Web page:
Heat Stress Management in 2020
Sunshine Education and Research Center
October 13, 2020 |12:00-1:00pm Pacific
Presented By: Thomas Bernard, PhD, CIH (USF)
12 - 1 PM PST | 2 - 3 PM CST | 3 - 4 PM EST
The management of heat stress uses a wet-bulb globe temperature (WBGT) trigger that was established almost 50 years ago. While this exposure assessment tool remains valid, the surrounding actions to manage a heat stress exposure have evolved, especially over the last 10 years. This webinar is designed to address three issues associated with managing heat stress. The first is exposure assessment. While the standard of practice is a WBGT-based assessment using the NIOSH REL or ACGIH® TLV®, Heat Index has become a common substitute for outdoor exposures and alternative heat balance methods like Predicted Heat Strain (PHS) and Thermal Work Limit (TWL) are available. This session will describe the ability of these methods to assess heat stress and the additional risk associated with exposures above the recommended limits. A second issue is acclimatization, which is an important adaptation to heat stress with proven improvements in heat tolerance. Acclimatization protocols for workplaces will be presented. Third, personal risk factors remain a wild card in the management of heat stress. One way to communicate personal risk factors is to include a discussion during training and provide written material. Another way is early recognition of heat-related disorders and an appropriate first aid along with an emergency plan.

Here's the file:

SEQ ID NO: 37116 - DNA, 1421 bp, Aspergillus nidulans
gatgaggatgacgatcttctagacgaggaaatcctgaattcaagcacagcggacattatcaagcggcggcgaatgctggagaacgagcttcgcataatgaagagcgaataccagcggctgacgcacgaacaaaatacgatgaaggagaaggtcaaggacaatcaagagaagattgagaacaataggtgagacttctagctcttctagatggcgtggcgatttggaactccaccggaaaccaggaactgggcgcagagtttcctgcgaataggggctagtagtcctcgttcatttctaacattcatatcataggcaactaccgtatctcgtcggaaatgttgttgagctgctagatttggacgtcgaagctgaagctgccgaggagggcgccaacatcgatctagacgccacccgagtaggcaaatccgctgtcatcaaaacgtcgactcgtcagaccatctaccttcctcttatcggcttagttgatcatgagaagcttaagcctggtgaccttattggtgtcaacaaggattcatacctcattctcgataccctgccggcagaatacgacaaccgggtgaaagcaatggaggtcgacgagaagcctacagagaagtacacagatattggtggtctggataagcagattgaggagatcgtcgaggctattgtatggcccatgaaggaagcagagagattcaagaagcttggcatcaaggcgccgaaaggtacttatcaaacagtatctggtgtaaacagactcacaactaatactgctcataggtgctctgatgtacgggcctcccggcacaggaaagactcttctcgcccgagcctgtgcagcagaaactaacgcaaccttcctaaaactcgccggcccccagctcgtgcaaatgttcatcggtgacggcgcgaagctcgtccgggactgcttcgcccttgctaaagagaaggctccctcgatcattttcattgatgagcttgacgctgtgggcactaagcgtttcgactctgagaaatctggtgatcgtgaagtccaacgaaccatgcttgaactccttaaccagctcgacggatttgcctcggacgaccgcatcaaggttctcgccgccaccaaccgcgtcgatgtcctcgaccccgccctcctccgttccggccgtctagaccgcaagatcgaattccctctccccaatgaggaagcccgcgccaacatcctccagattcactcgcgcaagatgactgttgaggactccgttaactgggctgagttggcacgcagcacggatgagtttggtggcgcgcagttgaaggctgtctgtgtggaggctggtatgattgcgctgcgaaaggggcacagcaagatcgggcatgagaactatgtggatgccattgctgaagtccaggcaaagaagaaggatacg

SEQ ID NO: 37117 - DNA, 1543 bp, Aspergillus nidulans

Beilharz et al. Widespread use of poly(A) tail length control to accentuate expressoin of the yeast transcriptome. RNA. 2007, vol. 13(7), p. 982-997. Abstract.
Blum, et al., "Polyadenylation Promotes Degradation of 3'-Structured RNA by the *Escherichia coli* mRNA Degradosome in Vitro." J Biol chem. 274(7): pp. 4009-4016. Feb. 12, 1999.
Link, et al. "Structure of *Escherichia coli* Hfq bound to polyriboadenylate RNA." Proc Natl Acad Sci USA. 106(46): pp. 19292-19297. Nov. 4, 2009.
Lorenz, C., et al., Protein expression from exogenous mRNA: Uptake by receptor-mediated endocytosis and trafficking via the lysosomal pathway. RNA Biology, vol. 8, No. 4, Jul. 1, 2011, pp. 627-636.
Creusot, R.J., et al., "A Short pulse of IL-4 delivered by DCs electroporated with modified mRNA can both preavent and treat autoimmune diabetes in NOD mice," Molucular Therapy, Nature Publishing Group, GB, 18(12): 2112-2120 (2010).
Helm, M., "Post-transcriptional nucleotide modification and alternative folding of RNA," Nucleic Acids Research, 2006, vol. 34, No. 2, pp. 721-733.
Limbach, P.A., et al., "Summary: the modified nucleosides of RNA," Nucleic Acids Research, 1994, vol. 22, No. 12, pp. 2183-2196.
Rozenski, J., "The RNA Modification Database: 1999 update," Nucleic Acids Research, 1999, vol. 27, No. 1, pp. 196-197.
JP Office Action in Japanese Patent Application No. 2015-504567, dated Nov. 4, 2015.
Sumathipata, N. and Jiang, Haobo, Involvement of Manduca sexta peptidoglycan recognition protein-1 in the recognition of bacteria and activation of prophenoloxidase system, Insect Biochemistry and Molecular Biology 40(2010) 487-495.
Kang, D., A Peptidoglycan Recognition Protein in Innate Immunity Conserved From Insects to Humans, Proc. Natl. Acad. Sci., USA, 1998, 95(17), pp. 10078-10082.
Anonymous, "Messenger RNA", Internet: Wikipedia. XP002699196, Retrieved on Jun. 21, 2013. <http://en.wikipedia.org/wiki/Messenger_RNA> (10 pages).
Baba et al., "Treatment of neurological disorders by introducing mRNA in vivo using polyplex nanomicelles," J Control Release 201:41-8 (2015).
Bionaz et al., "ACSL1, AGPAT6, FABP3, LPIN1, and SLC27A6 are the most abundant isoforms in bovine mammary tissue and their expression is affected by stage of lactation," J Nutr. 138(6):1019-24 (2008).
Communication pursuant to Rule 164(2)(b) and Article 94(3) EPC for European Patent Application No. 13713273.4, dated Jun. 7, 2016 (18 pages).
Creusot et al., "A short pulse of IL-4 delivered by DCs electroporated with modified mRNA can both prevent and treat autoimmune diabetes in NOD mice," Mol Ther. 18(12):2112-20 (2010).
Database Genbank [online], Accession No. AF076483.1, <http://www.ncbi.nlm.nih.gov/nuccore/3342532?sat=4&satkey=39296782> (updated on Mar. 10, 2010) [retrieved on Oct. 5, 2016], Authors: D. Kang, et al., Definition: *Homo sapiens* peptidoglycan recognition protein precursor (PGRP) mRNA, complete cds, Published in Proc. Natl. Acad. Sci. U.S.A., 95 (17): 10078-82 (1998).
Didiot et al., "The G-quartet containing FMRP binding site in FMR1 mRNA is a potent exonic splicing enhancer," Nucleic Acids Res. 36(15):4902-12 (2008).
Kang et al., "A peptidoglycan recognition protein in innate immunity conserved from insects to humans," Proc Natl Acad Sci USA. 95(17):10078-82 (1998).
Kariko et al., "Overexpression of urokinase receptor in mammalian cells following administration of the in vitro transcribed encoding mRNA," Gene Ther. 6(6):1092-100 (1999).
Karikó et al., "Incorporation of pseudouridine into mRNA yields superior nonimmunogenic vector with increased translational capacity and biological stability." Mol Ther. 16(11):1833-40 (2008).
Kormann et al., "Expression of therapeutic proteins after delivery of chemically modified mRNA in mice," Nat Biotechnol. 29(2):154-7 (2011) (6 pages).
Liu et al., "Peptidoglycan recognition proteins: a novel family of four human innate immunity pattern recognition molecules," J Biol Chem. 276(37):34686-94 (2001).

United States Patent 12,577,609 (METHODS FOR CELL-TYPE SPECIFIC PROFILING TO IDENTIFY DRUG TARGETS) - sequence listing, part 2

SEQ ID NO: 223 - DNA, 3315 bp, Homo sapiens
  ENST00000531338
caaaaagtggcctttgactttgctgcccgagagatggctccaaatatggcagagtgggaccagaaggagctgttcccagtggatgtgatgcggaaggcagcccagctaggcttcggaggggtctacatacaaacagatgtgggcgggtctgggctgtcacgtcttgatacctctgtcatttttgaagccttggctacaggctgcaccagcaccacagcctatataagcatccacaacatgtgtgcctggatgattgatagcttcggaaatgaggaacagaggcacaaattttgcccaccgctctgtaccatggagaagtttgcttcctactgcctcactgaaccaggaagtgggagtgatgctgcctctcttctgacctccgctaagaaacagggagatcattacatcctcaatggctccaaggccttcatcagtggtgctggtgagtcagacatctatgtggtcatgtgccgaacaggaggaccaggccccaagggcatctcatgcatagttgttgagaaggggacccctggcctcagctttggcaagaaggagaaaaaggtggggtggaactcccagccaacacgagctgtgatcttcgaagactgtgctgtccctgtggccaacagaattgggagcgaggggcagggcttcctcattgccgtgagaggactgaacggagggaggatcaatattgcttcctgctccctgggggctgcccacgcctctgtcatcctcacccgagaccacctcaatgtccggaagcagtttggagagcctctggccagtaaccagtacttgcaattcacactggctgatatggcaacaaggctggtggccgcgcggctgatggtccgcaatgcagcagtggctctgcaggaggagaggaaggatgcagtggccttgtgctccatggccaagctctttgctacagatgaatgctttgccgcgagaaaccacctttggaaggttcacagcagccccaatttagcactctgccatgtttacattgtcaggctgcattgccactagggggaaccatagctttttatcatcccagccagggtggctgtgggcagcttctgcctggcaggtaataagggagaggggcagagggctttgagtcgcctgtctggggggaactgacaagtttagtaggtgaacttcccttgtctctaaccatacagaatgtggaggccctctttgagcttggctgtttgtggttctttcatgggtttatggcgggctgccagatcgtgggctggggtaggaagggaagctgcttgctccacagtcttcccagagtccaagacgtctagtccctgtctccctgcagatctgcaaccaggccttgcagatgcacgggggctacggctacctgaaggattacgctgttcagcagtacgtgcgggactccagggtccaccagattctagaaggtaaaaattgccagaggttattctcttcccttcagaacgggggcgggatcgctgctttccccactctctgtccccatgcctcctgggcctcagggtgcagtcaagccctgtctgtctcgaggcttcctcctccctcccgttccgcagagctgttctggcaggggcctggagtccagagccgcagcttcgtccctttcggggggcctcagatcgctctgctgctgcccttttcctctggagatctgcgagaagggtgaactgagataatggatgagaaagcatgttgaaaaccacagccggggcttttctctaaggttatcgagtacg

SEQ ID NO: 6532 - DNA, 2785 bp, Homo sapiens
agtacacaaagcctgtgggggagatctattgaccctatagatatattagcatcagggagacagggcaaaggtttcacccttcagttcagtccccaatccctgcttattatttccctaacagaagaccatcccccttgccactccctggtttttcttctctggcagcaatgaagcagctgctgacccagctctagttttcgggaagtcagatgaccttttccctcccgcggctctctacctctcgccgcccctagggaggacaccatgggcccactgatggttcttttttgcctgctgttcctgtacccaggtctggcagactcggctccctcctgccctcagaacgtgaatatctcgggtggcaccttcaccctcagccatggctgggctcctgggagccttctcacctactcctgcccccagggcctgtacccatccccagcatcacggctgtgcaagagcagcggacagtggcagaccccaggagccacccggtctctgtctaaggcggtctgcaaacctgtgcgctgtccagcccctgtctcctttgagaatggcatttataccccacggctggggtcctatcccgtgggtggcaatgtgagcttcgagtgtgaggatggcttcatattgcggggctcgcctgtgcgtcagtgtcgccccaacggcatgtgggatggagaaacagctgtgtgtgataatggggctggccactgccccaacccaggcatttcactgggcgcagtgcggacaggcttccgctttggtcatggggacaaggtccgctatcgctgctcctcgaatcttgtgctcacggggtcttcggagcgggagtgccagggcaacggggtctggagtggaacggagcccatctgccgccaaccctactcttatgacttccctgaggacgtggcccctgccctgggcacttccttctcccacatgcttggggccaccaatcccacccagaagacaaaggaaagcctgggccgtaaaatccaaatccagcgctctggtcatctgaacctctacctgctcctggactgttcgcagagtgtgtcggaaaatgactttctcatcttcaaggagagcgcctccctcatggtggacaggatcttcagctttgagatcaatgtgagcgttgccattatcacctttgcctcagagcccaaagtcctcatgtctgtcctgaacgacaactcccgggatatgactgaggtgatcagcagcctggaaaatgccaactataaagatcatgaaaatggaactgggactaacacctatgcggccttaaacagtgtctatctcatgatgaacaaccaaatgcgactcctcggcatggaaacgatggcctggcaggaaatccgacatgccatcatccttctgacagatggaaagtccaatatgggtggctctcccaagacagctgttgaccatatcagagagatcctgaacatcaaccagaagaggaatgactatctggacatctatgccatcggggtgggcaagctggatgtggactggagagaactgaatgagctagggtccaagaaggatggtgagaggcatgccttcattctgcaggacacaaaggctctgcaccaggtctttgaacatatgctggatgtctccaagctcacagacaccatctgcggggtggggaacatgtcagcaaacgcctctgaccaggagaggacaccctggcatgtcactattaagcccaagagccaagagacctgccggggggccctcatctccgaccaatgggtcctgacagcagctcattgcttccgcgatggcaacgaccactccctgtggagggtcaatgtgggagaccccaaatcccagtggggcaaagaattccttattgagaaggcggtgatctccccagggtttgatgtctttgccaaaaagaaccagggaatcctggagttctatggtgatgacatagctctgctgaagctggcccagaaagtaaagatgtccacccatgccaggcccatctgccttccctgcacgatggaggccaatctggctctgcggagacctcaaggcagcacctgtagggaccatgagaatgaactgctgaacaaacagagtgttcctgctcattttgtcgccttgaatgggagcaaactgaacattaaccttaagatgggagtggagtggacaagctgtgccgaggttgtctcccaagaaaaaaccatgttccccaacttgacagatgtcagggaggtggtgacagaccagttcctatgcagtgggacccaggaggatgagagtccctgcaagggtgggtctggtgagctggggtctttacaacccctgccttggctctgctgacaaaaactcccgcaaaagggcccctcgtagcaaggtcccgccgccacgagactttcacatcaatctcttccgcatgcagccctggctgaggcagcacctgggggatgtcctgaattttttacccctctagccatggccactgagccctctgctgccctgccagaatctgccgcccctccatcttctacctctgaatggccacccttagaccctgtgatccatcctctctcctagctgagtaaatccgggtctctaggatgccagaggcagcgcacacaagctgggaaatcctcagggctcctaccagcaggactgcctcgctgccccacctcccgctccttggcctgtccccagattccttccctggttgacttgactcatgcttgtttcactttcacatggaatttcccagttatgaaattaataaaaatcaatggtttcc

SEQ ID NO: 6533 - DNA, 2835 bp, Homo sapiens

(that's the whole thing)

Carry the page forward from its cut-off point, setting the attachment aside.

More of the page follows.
At the completion of this activity, the learner will be able to:
Describe the ability of the REL and TLV, Heat Index, and PHS to discriminate between acceptable and unacceptable exposures
Articulate the associated risks of exceeding commonly used heat stress exposure limits
Prepare an acceptable acclimatization program
Communicate the signs and symptoms of heat-related disorders, recommended first aid, and requirements for a heat-related emergency plan
Thomas Bernard, PhD, CIH, is a professor in the University of South Florida College of Public Health and director of the Sunshine ERC. He teaches in the occupational exposure science program. Tom’s interests in heat stress include exposure assessment, the effects of clothing, physiological monitoring, and personal cooling. He has help develop heat stress management programs for a variety of occupations. Tom thanks the ISO working group on thermal environments and the ACGIH Physical Agents TLV Committee for the opportunity to influence professional practice in heat stress exposure assessment.
Special Thanks to Our ERC Partners at the Sunshine Education and Research Center at the University of South Florida: